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superlegible


FOR IMMEDIATE RELEASE

>> Updated 17 May 2002 <<



chaise longue and stool

PLANT Introduces Superlegible Furniture at DX

As part of New Landscape: Design Transforms Canadian Furniture, an exhibition opening today at the Design Exchange, PLANT has created two prototype pieces of furniture using newspapers and other urban raw materials.

Close the City

With more of our waste kept around us in a closed system, the more aware we will be of the materials that we feel all too comfortable throwing out. We propose harvesting available discarded material, and treating it instead as raw material: the city is our “natural resource.”

Superlegible Furniture

These furniture prototypes are made from newspaper. We caught a ubiquitous, recyclable, and generally-viewed-as-trash material, midstream in its recycling life, and extended that life. When the furniture is spent, it can return to the grey box with simple disassembly.

We have explored the structural and aesthetic possibilities of newsprint – using it in multiples, and transforming the newspaper from an everyday reading object into a textured, cellular structure of typographic and image fragments contained within highly “polished” containers.

Design, Material, Fabrication and Assembly Concepts

Concept– Each piece of furniture is composed of a vessel filled with recycled newspaper as “cushion” and structure. Vessel materials include solid wood and vegetable-tanned leather – both renewable, if managed appropriately by ecologically-minded manufacturers.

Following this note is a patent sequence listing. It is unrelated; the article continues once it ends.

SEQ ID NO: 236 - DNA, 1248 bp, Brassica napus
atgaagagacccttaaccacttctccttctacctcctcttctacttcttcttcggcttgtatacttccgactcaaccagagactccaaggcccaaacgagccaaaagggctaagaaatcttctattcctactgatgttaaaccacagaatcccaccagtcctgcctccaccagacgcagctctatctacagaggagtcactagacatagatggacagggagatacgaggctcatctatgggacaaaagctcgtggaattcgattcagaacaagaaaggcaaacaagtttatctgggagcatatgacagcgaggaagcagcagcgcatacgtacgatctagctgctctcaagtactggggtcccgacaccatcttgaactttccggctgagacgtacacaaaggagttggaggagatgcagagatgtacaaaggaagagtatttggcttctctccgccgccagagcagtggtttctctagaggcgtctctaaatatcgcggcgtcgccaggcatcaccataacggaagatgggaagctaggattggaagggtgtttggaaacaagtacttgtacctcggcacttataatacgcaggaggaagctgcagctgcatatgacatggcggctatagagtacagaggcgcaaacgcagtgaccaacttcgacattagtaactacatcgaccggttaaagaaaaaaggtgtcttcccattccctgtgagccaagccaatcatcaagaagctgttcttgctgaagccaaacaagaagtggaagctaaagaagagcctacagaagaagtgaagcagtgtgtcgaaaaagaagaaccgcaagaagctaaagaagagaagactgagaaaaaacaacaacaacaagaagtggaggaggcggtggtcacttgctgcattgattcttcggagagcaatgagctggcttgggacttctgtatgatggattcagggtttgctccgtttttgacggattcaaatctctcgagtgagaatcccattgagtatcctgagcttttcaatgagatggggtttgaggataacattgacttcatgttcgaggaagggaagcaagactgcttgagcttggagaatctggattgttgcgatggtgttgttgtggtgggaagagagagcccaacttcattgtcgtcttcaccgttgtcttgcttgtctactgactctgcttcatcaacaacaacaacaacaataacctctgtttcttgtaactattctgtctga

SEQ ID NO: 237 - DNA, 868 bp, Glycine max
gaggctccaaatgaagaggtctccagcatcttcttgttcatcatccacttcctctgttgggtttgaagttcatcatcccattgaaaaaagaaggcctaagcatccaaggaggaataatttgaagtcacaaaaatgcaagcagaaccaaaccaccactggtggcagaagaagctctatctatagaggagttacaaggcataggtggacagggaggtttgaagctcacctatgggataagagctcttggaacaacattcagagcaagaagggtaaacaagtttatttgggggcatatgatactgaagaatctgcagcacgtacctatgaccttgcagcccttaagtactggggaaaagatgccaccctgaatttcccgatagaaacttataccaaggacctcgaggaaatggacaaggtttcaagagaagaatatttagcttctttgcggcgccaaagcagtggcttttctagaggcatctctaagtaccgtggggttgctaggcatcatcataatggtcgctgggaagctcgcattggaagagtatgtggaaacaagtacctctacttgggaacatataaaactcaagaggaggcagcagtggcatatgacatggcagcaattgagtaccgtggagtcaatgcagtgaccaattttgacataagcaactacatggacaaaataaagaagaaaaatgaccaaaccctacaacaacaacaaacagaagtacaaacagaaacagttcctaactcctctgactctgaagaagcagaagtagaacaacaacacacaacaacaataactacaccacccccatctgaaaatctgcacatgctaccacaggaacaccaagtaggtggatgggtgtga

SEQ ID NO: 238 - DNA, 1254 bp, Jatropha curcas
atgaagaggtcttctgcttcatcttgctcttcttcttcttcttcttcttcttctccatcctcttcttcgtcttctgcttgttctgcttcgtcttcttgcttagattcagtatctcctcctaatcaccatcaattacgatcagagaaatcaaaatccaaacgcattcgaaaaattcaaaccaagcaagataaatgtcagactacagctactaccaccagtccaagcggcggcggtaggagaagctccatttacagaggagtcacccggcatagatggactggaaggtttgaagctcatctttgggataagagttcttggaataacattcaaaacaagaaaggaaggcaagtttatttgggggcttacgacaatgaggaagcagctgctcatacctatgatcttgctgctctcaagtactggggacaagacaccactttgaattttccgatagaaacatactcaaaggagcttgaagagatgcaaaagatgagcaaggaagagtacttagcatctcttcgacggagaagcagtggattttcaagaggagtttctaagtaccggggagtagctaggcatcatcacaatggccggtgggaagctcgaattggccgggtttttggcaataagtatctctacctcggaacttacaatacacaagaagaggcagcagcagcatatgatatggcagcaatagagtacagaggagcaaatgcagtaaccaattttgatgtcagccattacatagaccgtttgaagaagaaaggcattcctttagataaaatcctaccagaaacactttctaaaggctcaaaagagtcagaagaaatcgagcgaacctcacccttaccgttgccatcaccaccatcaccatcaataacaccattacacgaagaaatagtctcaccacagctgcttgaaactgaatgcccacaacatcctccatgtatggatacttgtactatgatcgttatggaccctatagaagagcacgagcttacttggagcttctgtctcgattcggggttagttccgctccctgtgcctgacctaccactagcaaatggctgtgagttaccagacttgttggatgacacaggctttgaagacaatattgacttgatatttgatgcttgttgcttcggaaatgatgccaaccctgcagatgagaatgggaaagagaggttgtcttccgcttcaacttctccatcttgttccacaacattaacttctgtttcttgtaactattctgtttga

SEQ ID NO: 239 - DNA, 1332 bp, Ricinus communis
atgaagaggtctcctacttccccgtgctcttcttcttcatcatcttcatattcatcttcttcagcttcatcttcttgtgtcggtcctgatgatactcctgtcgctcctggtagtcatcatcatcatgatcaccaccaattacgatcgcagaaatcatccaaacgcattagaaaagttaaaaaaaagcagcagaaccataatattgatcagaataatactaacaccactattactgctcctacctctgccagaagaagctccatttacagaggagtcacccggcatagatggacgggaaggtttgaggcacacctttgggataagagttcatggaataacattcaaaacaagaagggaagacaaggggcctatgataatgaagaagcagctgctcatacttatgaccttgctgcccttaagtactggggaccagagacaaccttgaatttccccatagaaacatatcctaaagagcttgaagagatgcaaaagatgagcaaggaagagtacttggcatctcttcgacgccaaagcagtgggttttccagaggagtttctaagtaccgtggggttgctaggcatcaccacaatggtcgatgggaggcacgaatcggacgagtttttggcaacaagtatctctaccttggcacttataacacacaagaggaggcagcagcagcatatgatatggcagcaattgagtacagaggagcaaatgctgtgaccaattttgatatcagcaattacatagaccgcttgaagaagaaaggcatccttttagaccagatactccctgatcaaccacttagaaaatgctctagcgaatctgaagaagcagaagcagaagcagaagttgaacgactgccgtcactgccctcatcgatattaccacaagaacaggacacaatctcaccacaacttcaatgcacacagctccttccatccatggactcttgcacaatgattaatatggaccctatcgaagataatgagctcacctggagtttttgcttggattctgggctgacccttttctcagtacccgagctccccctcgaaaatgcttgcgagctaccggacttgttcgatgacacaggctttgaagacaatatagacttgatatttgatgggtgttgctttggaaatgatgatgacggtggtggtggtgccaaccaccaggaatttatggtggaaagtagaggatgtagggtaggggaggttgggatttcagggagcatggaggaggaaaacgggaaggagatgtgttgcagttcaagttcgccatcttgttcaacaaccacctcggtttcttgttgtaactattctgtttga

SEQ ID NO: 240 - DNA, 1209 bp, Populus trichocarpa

Lifespan – The newspaper cushion is both changeable and replaceable, the frame and binding are intended to last. If the vessel reaches the end of its life, it can be easily knocked down and recycled.

Adhesives – Materials are glued with wheat cellulose wallpaper paste, and dyed with aniline dye, which are compatible with newsprint and allow it to remain within the domestic recycling loop.

Appropriate material usage – The rolls use as much air as possible in full newspaper sheets to achieve maximum efficiency and minimum waste. The newsprint is rolled in the direction of the grain.

Fabrication – The labour technique is simple – rolled, then glued like papier-mâché. Production could be a cottage industry, or rolling could be simply automated.

Stool

The seemingly insubstantial edge of the newspaper is used in compression to create a light, stiff and stable ensemble.

Newspaper Units: 700 rolls – 5/8" outside diameter and 1/2" inside diameter, single sheets of newspaper lightly glued = 6 weeks of The Globe and Mail (not including magazine TV-guide, nor book section).

Chaise Longue

Like a cushion, the stack of loose rolls has a spring-like resistance and adjusts to the body.

Newspaper Units: 1190 rolls (to average seat height) to 1400 rolls (if mounded) – 7/8" outside diameter and 7/16" inside diameter, four-sheet rolls of newspaper stacked on side = 35 to 40 weeks of The Globe and Mail (not including magazine, TV-guide, nor book section).


stool and chaise longue detail

Special Thanks to:

Blackstock Leather
Gibson Greenwood (wood frame)
Edwards & Wilson Cabinetmakers Ltd. (frame finishing)
The Globe and Mail

Damzels in this Dress
Steven Evans
Gabhan Gibson
Bernice Iarocci
Merri Schwartz
Catherine Scott
Roy Schulze
Anne Tremain

Superlegible Furniture will be on display at Toronto’s Design Exchange as part of the exhibit New Landscape: Design Transforms Canadian Furniture. This is an exhibition celebrating the talent and vision shaping the Canadian furniture industry.

The exhibit opens 29 January 2002 and runs until 28 July 2002.

For more information contact PLANT or visit the DX website.

Come and see.